A Healthy Low-Carb Diet

The following was the average diet among those on the low-carb regimen: Breakfast -- Eggs, high-fiber, high-protein bread with spread or butter; Lunch and Dinner -- Healthy fats such as canola or olive oil, poultry and fish with occasional red meat, leafy green salads and frequent vegetables. In the end, these diets got around 12% of their calories from saturated fat and around 40% of their calories from all sources of fat.

Persistence of Low-Fat Diet Myth Leads to Failed Diets

There are still many people that believe in the idea that low-fat diets are healthier, and this false information leads many people across America to make poor health decisions. Dr. Bazzano's research is just one of a number of studies that have come out recently which support a diet that restricts carbohydrate consumption and is relatively high in healthy fats. Evidence shows that these diets not only help patients lose weight, but it has also been shown to safeguard the heart and reduce the prevalence of heart disease and related cardiovascular issues among those who choose this diet.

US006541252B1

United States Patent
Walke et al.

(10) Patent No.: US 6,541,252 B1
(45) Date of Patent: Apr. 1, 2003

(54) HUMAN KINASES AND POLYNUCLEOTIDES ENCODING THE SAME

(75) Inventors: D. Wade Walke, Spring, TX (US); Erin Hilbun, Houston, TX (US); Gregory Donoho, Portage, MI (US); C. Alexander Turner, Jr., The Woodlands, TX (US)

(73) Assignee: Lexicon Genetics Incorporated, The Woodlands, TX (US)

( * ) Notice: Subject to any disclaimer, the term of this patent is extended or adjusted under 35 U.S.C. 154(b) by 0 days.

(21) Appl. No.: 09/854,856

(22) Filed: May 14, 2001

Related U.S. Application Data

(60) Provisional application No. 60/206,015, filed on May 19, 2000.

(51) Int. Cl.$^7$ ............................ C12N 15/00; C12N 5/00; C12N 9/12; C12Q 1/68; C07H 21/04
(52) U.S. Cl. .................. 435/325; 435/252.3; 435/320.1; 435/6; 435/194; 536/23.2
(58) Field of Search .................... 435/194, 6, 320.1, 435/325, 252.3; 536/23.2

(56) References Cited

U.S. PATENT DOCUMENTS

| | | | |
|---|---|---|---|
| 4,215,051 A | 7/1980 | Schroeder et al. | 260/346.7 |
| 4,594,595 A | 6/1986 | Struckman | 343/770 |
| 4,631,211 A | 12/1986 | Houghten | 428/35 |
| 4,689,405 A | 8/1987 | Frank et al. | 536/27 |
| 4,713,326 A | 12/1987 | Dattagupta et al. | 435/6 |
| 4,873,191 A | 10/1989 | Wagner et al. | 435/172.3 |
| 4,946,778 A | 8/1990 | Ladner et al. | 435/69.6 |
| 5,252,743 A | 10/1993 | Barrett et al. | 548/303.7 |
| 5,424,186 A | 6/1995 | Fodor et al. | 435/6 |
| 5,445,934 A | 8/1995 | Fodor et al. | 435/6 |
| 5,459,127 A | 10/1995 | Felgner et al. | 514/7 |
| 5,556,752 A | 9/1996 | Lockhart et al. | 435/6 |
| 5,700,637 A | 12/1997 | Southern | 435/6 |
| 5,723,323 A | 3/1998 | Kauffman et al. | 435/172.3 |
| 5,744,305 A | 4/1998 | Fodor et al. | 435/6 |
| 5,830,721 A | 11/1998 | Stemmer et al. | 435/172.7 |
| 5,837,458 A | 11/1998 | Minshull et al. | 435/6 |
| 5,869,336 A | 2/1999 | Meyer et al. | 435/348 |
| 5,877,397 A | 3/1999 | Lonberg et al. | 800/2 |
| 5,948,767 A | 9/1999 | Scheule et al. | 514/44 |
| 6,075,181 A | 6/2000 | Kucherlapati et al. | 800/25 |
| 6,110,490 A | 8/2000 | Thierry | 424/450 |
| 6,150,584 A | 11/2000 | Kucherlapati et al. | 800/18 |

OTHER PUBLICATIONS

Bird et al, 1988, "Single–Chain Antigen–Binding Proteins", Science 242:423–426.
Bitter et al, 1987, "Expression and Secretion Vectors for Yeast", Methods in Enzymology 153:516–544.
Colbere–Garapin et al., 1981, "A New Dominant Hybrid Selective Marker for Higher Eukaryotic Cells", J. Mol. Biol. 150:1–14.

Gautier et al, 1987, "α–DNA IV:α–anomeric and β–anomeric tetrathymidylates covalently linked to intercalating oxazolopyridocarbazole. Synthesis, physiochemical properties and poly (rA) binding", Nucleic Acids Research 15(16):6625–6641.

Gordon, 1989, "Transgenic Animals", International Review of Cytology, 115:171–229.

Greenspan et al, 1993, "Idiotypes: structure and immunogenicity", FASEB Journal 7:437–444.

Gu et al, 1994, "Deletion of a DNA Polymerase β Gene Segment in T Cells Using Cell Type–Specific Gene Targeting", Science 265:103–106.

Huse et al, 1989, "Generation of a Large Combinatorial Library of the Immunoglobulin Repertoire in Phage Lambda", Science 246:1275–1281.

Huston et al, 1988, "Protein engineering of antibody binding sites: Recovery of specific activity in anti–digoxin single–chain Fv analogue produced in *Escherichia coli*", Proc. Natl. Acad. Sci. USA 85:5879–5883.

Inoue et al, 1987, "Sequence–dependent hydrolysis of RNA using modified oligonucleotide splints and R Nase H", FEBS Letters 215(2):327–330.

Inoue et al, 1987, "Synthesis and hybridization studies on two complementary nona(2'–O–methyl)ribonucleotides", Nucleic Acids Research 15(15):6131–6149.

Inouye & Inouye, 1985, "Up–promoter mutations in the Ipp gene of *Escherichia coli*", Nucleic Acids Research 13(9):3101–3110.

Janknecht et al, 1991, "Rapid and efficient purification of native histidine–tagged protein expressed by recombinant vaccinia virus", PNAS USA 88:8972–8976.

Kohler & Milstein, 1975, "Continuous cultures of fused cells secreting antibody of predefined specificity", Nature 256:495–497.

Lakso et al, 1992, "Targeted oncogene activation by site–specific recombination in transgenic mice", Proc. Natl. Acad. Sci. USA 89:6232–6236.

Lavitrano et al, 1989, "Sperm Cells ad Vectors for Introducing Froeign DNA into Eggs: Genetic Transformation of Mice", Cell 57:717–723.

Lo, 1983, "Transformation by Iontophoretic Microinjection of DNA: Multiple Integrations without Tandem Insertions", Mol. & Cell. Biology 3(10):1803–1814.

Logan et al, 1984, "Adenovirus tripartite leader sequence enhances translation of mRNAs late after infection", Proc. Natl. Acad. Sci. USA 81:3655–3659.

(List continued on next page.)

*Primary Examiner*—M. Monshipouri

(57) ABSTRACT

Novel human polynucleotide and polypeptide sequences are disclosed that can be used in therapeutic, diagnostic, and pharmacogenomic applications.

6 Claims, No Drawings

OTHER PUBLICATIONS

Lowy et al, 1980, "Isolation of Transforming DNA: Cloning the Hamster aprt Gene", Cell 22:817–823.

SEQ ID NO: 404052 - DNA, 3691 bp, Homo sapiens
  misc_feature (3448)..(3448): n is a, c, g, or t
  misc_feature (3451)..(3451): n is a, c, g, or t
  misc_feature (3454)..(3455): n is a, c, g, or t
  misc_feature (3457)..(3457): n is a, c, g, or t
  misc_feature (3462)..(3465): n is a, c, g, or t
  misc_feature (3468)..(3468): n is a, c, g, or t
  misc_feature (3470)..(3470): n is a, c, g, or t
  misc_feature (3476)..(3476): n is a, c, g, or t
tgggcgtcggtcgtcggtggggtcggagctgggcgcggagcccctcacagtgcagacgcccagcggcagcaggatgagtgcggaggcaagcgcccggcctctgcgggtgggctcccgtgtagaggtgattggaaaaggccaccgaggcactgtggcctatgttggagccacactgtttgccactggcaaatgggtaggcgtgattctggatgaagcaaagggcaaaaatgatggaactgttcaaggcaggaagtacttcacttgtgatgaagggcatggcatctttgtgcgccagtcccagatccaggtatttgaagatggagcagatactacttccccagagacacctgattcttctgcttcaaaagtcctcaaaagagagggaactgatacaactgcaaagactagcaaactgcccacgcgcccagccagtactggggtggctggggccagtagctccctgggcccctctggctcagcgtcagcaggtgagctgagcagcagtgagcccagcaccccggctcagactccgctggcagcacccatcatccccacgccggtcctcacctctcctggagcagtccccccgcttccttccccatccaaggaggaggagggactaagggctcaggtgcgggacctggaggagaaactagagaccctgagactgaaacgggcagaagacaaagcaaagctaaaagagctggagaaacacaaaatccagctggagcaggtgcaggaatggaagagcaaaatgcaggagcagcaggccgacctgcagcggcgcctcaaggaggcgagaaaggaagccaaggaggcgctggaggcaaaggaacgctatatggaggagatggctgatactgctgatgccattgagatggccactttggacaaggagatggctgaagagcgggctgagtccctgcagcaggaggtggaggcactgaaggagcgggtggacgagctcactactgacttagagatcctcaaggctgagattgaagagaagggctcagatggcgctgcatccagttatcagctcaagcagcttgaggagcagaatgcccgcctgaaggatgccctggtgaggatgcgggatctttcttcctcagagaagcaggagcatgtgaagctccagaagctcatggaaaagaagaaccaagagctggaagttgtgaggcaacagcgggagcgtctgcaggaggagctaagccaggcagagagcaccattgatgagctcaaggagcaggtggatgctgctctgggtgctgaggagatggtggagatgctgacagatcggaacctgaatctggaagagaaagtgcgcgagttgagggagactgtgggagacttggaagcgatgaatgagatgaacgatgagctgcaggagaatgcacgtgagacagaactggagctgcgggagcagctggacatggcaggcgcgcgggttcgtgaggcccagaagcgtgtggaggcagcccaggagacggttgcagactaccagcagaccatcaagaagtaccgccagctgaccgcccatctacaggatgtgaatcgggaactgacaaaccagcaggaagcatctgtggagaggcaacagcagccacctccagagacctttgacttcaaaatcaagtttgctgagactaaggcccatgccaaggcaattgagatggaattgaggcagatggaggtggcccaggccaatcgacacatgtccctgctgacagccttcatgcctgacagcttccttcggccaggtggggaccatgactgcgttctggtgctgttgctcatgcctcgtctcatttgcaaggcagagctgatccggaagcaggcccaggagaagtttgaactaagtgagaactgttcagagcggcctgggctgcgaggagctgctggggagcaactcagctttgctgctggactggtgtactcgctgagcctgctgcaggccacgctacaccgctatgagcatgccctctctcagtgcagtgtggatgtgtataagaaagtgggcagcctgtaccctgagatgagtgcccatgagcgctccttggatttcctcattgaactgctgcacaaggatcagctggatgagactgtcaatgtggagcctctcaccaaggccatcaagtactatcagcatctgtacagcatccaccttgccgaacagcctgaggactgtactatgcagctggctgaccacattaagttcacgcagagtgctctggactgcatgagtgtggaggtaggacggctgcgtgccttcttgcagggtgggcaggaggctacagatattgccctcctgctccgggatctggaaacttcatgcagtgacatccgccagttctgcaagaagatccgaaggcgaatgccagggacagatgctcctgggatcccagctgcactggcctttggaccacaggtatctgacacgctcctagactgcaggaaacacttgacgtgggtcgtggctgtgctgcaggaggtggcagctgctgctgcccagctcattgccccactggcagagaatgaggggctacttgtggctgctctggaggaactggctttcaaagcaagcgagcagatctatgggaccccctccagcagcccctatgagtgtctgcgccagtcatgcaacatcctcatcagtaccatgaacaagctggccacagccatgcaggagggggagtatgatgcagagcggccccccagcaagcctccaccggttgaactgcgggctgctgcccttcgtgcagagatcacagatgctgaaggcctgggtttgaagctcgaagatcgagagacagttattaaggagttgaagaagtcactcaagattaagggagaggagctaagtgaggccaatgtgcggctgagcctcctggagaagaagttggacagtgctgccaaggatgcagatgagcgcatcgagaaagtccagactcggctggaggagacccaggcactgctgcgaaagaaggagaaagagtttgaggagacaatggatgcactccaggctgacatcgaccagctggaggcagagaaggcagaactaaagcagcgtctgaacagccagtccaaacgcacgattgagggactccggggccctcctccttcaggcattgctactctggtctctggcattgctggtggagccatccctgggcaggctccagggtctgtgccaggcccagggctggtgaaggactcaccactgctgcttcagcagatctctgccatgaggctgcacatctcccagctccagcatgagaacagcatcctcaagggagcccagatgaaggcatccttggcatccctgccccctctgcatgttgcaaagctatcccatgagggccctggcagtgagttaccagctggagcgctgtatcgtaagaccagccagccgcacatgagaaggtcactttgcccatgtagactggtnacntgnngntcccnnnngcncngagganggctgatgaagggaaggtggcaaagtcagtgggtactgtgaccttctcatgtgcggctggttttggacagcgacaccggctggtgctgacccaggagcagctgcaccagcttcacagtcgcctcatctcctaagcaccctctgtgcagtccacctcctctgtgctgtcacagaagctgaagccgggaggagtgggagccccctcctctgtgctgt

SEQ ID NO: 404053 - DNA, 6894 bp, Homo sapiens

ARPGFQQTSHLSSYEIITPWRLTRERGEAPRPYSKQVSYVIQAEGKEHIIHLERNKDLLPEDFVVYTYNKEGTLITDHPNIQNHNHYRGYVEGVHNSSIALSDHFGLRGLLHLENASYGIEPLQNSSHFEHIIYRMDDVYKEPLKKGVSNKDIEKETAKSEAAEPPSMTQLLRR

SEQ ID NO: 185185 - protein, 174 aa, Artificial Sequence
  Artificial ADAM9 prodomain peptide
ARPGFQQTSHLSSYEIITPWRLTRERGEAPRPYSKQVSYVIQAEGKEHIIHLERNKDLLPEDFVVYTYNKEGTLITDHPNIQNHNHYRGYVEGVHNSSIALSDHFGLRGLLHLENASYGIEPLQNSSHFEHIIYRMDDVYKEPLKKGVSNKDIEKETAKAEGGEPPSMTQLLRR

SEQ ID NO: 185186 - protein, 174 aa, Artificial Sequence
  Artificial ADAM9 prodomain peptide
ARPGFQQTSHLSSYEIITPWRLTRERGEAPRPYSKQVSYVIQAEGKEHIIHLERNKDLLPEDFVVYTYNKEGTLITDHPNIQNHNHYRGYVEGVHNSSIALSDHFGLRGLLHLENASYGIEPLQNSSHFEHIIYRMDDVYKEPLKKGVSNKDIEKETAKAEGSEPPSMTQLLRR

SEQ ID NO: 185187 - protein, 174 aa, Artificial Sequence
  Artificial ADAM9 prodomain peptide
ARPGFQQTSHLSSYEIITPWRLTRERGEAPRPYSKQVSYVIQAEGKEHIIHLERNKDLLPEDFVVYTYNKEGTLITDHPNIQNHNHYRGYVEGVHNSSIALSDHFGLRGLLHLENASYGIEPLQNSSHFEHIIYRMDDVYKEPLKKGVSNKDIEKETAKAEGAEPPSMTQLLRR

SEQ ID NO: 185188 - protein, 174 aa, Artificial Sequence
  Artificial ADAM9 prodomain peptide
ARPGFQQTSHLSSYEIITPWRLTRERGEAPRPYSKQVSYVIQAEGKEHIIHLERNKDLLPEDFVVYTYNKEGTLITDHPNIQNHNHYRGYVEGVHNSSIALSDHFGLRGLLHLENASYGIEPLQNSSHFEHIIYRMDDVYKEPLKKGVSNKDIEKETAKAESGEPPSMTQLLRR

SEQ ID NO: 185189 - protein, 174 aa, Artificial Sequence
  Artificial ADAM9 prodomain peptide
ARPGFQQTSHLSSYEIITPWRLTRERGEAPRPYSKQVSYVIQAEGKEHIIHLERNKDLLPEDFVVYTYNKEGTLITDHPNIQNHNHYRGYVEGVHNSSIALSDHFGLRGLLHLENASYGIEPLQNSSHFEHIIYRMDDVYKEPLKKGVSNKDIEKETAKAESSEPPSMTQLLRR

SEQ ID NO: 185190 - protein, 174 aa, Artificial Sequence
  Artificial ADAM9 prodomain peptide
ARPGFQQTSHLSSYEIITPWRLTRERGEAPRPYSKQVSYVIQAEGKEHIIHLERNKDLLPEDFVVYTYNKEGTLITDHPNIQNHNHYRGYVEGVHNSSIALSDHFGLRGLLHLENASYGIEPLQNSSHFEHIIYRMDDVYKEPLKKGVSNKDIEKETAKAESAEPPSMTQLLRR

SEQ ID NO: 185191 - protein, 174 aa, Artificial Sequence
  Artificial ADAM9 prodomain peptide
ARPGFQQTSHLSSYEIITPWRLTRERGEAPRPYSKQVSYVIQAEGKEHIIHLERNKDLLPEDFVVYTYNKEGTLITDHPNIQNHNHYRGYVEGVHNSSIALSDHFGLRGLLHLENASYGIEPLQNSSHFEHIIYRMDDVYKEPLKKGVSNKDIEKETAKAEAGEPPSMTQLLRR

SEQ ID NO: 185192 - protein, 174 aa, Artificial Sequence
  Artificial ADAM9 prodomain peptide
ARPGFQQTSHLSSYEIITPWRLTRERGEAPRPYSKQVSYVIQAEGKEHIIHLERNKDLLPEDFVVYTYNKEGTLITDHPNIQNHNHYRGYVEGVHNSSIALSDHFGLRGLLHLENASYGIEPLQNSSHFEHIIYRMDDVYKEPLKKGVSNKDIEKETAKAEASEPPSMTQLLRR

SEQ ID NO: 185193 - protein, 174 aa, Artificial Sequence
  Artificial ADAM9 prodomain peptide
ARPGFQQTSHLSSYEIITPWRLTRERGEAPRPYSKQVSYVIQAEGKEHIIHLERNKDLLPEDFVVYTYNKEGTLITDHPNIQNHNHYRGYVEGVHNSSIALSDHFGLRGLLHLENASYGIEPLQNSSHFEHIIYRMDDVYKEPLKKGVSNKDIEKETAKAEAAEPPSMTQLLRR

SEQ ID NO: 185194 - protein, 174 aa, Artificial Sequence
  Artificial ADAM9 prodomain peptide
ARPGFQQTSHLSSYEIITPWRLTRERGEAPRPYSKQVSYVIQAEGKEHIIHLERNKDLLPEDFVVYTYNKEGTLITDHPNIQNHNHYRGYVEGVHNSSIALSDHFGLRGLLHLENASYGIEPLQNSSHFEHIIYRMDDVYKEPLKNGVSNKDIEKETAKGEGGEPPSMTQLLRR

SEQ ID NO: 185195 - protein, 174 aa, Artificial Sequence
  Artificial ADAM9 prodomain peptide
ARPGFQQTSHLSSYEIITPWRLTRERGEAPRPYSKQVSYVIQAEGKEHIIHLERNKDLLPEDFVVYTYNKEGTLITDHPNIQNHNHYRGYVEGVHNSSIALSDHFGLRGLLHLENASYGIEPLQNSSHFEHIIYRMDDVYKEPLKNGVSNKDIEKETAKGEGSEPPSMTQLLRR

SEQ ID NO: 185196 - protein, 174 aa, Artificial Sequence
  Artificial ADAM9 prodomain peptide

The New England Journal of Medicine published a study in which a low-fat diet with liberal use of olive oil led to a 30% reduction in stroke and heart attack risk in comparison to a diet low in fat. Another study published by The Journal of the American Medical Association used another form of low-carb diet recommended for patients at risk for diabetes and found similar results — less inflammation, better cholesterol and lower triglycerides.

All in all, limiting the intake of refined carbs appears to lead to an increase in calorie-burning power of around 150 calories daily! Eating empty carbs not only causes us to crave more calories, but it makes us burn fewer calories at the same time! This is because simple carbs encourage the production of insulin which, in turn, encourages increased fat storage.